The Origin of the Hokey Pokey Like many innocuous songs and dances that
you’d assume have fairly benign origins, the Hokey Pokey is believed by some to have
fairly sinister beginnings. There are those who insist the song originated with Scottish
Puritans in the UK as an anti-Catholic taunt. The words “hokey cokey,” which is how
the song is sung in the UK, is supposedly derived from the magician’s incantation
“hocus pocus.” Hocus Pocus popped up in the 17th century as a part of the conjuration
phrase: “Hocus pocus, tontus talontus, vade celeriter jubeo.” It’s thought by some
that this derived from the phrase spoken at Catholic Mass: hoc est enim corpus meum,”
or “for this is my body.” Thus, this “hokey cokey” origin theory
is that it was supposed to be a jab at the Catholic doctrine of transubstantiation, the
belief that the bread and wine turn into the body and blood of Christ during the Mass.
As recently as 2008, a few Catholic Church officials have considered the “Hokey Pokey”
as an example of “faith hate,” but it doesn’t seem most took these allegations
all that seriously and there isn’t much in the way of documented evidence to back
up the “Catholic hate” origin theory. So what do we actually know about the song?
In 1857, two sisters from Canterbury, England who were visiting Bridgewater, NH, brought
a little English/Scottish ditty with accompanying gestures across the pond. The song is thought
to be based on the Scottish “Hinkum-Booby.” (“Booby” here referring to the “stupid”
definition, rather than the more modern alternative definition you might think of when shaking
things about.) The song went a little something like this:
I put my right hand in, I put my right hand out,
In out, in out. shake it all about.
It then continued with other body parts being put in and out and shaken all about.
Fast-forward to 1940 during the Blitz in London, a Canadian officer suggested writing an action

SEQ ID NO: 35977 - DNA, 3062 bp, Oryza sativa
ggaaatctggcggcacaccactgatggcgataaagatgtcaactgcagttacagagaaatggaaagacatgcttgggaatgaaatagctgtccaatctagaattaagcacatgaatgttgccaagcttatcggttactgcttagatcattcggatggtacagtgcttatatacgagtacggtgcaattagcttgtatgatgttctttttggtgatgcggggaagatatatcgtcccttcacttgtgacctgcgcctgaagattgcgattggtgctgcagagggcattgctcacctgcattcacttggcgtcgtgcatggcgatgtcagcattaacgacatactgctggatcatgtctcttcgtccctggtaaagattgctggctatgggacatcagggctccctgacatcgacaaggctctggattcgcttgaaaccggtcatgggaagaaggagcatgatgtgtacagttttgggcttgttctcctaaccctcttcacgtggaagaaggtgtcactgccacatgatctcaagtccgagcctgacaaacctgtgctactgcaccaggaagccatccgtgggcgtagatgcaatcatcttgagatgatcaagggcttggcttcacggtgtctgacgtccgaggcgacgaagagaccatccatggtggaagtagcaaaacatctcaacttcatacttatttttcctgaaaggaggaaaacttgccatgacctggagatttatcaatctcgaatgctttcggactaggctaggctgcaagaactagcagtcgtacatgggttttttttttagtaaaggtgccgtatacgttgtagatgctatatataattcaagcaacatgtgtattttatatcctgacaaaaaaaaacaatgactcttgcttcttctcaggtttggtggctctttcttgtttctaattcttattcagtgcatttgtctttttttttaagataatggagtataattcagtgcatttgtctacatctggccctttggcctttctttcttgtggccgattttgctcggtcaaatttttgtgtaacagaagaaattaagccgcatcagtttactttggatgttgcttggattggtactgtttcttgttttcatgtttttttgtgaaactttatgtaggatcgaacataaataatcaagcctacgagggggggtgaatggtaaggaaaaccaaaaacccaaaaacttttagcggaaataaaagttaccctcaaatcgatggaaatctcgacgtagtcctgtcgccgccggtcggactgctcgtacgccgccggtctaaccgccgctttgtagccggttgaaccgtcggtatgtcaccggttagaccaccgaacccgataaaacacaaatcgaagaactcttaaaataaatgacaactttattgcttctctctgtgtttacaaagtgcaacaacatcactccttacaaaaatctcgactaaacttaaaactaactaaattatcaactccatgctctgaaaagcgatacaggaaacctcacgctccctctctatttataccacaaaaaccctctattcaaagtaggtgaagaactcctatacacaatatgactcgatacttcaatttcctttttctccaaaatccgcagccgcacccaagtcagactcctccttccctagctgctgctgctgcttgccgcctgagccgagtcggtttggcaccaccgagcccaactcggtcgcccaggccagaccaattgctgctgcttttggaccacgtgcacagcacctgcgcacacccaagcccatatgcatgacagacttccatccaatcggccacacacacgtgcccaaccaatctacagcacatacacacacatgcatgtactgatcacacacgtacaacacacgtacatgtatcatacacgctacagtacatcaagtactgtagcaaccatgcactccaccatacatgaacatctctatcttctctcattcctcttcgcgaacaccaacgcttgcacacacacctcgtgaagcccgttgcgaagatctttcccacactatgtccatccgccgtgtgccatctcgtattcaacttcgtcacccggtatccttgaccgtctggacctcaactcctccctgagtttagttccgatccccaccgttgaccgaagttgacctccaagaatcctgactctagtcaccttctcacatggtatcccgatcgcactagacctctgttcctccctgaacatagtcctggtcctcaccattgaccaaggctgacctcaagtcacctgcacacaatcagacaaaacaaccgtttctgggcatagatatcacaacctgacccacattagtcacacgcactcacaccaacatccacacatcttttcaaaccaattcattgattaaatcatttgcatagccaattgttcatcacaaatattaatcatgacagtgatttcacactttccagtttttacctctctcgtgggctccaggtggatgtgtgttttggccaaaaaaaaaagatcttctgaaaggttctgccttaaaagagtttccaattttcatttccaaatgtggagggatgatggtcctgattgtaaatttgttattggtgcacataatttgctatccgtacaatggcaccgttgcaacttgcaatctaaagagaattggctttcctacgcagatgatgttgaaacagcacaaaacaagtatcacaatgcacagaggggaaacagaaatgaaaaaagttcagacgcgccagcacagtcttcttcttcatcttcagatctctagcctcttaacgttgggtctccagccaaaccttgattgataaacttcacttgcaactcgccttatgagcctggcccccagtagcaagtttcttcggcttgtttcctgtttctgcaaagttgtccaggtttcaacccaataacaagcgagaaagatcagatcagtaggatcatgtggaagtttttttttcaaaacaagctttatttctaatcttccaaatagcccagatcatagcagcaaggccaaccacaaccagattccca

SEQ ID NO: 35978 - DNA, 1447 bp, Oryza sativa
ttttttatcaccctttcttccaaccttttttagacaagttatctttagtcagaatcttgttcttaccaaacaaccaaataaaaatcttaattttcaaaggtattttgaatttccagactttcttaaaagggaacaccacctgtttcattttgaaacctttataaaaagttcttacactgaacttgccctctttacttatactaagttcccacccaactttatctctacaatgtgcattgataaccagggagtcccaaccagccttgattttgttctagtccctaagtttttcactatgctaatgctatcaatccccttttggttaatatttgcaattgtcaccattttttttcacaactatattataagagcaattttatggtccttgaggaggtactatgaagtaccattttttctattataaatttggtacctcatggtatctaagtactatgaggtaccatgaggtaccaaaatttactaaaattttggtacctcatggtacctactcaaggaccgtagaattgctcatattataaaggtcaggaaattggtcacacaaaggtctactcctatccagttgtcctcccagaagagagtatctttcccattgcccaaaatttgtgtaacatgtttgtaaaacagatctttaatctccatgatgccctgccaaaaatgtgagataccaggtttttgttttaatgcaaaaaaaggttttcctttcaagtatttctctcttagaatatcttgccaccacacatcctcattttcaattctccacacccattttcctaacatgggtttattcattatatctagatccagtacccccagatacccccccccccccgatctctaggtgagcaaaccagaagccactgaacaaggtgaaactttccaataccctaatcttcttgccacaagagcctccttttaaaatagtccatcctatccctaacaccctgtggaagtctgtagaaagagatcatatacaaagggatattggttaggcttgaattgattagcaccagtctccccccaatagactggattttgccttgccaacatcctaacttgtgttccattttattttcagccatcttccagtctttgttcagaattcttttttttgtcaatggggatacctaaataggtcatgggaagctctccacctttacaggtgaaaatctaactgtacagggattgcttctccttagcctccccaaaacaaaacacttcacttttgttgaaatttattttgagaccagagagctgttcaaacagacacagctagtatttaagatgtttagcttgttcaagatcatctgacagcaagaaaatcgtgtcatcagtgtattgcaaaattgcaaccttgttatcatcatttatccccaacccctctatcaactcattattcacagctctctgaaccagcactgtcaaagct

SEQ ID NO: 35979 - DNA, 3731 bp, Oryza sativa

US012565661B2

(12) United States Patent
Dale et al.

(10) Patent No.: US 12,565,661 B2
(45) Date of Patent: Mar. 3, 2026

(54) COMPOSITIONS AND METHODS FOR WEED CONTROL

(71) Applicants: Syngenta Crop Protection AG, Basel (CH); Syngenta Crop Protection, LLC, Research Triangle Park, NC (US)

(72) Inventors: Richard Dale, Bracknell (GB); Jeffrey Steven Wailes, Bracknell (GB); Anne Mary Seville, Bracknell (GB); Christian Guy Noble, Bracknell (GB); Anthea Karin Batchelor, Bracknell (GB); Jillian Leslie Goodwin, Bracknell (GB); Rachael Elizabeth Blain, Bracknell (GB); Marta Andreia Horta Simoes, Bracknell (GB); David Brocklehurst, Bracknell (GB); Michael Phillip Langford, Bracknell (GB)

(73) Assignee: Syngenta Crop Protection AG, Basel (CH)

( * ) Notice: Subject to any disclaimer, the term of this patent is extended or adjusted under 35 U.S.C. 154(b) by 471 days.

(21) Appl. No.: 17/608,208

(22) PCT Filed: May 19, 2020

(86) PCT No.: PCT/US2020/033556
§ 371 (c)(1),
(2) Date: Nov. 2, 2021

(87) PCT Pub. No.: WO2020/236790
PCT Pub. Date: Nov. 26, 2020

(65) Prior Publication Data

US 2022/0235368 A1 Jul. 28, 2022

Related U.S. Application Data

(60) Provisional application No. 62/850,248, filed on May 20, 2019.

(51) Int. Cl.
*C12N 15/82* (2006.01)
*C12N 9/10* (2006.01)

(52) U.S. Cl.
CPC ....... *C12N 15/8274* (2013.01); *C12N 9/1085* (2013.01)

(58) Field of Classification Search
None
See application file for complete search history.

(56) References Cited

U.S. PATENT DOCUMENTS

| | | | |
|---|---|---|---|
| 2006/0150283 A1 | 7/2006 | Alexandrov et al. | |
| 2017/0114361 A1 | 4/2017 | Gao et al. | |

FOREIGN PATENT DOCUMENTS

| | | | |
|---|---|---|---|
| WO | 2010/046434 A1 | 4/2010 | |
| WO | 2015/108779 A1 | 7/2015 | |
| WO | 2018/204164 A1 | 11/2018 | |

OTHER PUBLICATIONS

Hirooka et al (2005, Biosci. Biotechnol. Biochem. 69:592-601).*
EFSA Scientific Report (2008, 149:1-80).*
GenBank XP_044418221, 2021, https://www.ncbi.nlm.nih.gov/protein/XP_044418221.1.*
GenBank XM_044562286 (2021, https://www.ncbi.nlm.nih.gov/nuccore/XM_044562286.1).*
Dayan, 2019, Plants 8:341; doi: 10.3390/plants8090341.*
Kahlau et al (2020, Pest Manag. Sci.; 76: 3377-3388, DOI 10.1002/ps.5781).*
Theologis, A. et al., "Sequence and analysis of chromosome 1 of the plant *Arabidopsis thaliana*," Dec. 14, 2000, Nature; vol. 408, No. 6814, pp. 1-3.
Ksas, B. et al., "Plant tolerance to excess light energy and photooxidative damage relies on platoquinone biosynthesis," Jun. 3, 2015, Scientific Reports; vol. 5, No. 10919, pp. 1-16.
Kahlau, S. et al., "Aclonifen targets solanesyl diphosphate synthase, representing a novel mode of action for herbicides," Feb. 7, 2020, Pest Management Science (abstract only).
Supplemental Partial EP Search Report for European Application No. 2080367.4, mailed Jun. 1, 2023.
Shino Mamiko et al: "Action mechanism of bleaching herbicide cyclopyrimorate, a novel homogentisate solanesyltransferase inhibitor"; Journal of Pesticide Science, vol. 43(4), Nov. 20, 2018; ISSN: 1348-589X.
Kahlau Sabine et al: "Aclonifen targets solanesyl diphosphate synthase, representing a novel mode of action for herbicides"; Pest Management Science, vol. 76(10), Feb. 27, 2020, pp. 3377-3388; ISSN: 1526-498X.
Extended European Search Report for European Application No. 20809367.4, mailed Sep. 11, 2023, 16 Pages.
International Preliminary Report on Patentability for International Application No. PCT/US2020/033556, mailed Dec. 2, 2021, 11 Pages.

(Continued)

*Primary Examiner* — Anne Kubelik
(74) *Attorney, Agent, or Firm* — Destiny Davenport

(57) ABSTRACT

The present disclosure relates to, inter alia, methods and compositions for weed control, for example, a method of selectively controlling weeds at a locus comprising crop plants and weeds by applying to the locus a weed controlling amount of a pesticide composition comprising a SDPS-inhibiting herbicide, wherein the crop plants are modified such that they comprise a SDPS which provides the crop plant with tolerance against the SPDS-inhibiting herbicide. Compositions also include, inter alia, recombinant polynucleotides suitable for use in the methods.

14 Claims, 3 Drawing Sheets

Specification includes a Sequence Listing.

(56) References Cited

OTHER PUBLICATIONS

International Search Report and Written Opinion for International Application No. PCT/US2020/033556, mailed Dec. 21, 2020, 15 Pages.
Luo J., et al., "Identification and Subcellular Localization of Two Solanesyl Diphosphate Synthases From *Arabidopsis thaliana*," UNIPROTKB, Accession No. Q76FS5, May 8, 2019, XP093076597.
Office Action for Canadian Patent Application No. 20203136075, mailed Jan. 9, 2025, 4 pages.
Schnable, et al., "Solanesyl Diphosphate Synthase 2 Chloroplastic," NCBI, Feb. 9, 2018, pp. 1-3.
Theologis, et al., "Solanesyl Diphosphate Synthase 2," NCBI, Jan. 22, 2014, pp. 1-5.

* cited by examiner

party song to English bandleader Al Tabor. The song’s title, “The Hokey Pokey,”
was supposedly in homage to an ice cream vendor from Tabor’s childhood, who would call out
“Hokey pokey penny a lump. Have a lick make you jump.” In this case, “hokey pokey”
was supposedly a slang at the time for ice cream and the ice cream seller was called
the “hokey pokey man”. Presumably borrowing from the aforementioned English ditty, Tabor
put it together with “hokey pokey” and the song was almost, but not quite, complete;
after all, it’s called “Hokey Cokey” in the UK.
Tabor claimed he changed the name to “The Hokey Cokey” at the urging of the same Canadian
officer, who informed him “cokey” was Canadian slang for “crazy.” In 1942, the
sheet music for “The Hokey Cokey” was finally published.
Tabor, after a bit of a legal battle, eventually signed over all rights to the song to famed
Irish songwriter and publisher Jimmy Kennedy as part of the settlement the two reached
over a lawsuit concerning the song. It should also be noted here that Kennedy’s son claimed
that Jimmy Kennedy, not Al Tabor, was the primary author of the lyrics and it was Jimmy
that made the decision to go with “cokey”. Across the pond, supposedly independent of
Tabor’s or Kennedy’s work, in 1944, two musicians from Scranton PA named Robert Degan
and Joe Brier made a record of a song called “The Hokey Pokey Dance.” This song was
recorded for the entertainment of the summer crowds at Poconos resorts. The tune proved
to be a regional favorite throughout the 1940s, but it’s still not the version that we shake
it all about to today. In 1949, Charles Mack, Taft Baker and Larry
Laprise, “The Ram Trio,” made their own version of the song , which is closer to the
version we all know and love today. The Ram Trio also supposedly independently developed
the song, but in reality probably learned it from vacationers who’d heard it at the
Poconos resorts. The song was penned for the amusement of skiers at the Sun Valley Resort
in Idaho. It proved to be a big hit, so Laprise decided to record it.
The problem with making such a record and playing it on the airwaves is that Degan and
Brier got wind of it and sued Laprise for ripping off their “Hokey Pokey Dance.”
Laprise’s lawyers must have been top-notch, because even though his version of the song
was released after Degan and Brier’s, Laprise walked away with the rights to the “Hokey
Pokey Dance.” Interestingly enough, despite the legal battles
over the song, between Tabor and Kennedy in the UK and Laprise and Degan/Brier in the
US, going on around the same time, the two pairs never sought to sue their counterparts
across the pond. In the end, the ultimate origin of what it’s
all about seems to have been lost to history. If you choose to believe Al Tabor’s anecdote,
though, at least the recent derivation of it is about ice cream.